The overall goal is to produce a text that introduces the students to the relevance and excitement of chemistry. Although much of first-year chemistry is taught as a service course, there is no reason that the intrinsic excitement and potential of chemistry cannot be the focal point of the text and the course. We emphasize the positive aspects of chemistry and its relationship to students’ lives, which requires bringing in applications early and often. Unfortunately, one cannot assume that students in such courses today are highly motivated to study chemistry for its own sake. The explicit discussion of biological, environmental, and materials issues from a chemical perspective is intended to motivate the students and help them appreciate the relevance of chemistry to their lives. Material that has traditionally been relegated to boxes, and thus perhaps perceived as peripheral by the students, has been incorporated into the text to serve as a learning tool.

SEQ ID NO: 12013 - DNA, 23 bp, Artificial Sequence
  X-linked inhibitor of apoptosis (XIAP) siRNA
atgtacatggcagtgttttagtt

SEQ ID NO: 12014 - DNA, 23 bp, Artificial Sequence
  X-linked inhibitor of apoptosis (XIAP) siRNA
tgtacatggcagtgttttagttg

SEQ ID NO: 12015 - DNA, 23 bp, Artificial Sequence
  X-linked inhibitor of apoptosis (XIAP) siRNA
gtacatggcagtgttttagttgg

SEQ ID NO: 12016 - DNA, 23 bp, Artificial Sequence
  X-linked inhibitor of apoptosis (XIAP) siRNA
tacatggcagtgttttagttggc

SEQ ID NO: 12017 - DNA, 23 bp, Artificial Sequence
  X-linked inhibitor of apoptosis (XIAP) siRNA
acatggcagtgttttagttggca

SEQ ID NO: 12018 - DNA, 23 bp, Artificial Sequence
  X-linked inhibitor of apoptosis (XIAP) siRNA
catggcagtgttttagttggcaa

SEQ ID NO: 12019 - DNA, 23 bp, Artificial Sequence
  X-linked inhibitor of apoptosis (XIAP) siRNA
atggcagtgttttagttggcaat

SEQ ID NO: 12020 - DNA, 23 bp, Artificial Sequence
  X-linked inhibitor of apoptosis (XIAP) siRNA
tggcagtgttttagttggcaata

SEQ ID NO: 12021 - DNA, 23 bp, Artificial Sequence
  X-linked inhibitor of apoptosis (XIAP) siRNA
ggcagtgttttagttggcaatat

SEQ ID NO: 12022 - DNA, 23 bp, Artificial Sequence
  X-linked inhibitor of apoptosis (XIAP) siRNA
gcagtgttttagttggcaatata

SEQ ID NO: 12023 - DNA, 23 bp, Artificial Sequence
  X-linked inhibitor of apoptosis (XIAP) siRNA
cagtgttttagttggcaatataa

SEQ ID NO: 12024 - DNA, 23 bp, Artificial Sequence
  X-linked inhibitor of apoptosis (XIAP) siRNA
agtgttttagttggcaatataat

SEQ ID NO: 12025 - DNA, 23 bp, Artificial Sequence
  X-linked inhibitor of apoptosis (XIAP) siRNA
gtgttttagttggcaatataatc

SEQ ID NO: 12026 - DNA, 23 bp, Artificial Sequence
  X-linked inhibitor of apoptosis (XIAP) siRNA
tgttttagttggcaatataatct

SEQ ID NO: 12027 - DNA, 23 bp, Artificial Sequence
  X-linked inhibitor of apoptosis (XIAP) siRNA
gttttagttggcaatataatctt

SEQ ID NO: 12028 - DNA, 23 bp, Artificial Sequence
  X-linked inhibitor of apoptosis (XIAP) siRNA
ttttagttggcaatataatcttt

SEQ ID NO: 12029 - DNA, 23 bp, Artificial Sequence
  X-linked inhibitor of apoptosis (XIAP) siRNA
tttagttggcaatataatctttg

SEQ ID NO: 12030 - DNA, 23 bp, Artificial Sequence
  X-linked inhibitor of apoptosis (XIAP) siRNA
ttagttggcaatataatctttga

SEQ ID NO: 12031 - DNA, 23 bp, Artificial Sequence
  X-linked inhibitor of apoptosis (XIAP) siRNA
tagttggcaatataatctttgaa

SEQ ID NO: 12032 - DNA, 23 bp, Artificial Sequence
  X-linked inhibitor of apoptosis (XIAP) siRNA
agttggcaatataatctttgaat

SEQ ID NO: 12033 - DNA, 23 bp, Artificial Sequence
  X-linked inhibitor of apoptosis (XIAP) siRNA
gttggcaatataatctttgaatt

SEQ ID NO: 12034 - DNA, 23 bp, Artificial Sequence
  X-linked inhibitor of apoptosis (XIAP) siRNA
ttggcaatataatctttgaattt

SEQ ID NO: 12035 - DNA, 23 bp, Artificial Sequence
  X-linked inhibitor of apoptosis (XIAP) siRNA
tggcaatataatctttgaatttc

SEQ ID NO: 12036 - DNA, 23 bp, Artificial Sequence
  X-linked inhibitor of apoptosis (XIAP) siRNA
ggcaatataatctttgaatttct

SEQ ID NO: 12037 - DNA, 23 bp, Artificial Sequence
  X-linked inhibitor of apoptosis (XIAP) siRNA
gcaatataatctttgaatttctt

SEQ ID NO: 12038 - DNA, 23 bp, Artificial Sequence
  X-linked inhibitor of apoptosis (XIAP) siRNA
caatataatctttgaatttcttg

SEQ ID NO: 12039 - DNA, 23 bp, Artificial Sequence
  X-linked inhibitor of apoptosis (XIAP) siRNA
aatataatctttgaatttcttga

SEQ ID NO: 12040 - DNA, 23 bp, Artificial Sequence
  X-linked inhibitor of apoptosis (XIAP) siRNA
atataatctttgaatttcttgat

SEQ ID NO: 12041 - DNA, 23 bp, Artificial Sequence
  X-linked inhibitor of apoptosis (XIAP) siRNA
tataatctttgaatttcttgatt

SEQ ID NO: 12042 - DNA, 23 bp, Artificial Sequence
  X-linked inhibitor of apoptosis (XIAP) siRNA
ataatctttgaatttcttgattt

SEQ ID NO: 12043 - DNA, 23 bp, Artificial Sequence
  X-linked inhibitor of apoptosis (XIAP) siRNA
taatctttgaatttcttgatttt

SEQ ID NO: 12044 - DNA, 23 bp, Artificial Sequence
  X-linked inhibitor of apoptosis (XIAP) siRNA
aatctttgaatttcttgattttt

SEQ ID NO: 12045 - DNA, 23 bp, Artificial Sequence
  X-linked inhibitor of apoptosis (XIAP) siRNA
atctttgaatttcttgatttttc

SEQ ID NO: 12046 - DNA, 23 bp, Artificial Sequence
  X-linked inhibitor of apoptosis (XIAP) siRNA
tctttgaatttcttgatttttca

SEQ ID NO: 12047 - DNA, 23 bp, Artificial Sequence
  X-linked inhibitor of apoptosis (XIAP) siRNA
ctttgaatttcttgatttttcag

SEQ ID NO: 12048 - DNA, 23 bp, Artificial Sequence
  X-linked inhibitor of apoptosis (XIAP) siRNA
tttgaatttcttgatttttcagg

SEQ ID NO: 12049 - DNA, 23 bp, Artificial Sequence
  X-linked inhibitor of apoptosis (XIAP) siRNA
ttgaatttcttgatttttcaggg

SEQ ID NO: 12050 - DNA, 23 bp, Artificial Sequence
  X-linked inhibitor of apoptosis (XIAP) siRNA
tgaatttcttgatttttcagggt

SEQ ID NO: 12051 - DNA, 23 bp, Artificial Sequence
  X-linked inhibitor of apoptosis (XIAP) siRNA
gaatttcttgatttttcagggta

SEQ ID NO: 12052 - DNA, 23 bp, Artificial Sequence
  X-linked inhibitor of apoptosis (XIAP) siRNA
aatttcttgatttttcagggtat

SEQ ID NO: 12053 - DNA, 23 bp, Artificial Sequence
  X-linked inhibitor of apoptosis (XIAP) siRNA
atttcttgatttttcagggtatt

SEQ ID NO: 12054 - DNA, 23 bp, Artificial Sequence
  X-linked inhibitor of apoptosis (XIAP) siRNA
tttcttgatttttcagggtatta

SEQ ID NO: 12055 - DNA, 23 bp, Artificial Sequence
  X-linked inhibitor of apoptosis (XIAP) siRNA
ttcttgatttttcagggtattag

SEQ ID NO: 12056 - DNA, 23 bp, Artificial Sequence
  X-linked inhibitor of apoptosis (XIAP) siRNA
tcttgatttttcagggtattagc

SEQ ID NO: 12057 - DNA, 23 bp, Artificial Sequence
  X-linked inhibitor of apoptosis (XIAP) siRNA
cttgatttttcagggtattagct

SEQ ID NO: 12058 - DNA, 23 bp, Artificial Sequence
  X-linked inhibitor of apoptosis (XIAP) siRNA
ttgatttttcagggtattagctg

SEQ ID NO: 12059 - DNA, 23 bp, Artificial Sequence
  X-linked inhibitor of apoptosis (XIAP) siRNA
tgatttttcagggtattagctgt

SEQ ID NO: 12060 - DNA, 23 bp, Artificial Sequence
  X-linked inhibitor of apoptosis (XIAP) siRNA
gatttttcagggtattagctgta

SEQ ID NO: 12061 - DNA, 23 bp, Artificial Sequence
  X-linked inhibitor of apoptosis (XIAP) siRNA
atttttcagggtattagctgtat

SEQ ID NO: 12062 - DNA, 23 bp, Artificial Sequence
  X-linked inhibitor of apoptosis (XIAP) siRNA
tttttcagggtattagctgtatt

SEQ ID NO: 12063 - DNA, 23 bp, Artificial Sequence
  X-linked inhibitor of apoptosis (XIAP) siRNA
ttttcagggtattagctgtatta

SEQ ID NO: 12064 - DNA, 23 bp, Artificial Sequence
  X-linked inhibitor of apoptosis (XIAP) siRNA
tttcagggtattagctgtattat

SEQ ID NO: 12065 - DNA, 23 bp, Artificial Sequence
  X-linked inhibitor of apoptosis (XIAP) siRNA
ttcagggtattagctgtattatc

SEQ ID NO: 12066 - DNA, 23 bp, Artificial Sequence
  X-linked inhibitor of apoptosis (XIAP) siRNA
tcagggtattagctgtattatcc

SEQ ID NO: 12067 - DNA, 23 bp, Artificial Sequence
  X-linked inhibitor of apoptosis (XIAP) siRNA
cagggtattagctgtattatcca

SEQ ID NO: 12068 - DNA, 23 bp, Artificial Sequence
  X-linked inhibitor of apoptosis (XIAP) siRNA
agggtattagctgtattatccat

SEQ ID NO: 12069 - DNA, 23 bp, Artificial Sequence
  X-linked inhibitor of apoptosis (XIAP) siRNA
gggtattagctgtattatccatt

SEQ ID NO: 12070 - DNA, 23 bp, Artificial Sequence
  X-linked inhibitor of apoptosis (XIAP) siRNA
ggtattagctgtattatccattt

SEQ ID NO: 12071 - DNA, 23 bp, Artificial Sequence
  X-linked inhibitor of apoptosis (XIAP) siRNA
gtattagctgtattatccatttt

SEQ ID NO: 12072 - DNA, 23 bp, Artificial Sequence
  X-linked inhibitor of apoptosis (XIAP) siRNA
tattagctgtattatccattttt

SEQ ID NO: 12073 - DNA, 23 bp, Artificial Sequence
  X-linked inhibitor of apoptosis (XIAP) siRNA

To begin the discussion of chemistry rapidly, the traditional first chapter introducing units, significant figures, conversion factors, dimensional analysis, and so on, has been reorganized. The material has been placed in the chapters where the relevant concepts are first introduced, thus providing three advantages: it eliminates the tedium of the traditional approach, which introduces mathematical operations at the outset, and thus avoids the perception that chemistry is a mathematics course; it avoids the early introduction of operations such as logarithms and exponents, which are typically not encountered again for several chapters and may easily be forgotten when they are needed; and third, it provides a review for those students who have already had relatively sophisticated high school chemistry and math courses, although the sections are designed primarily for students unfamiliar with the topic.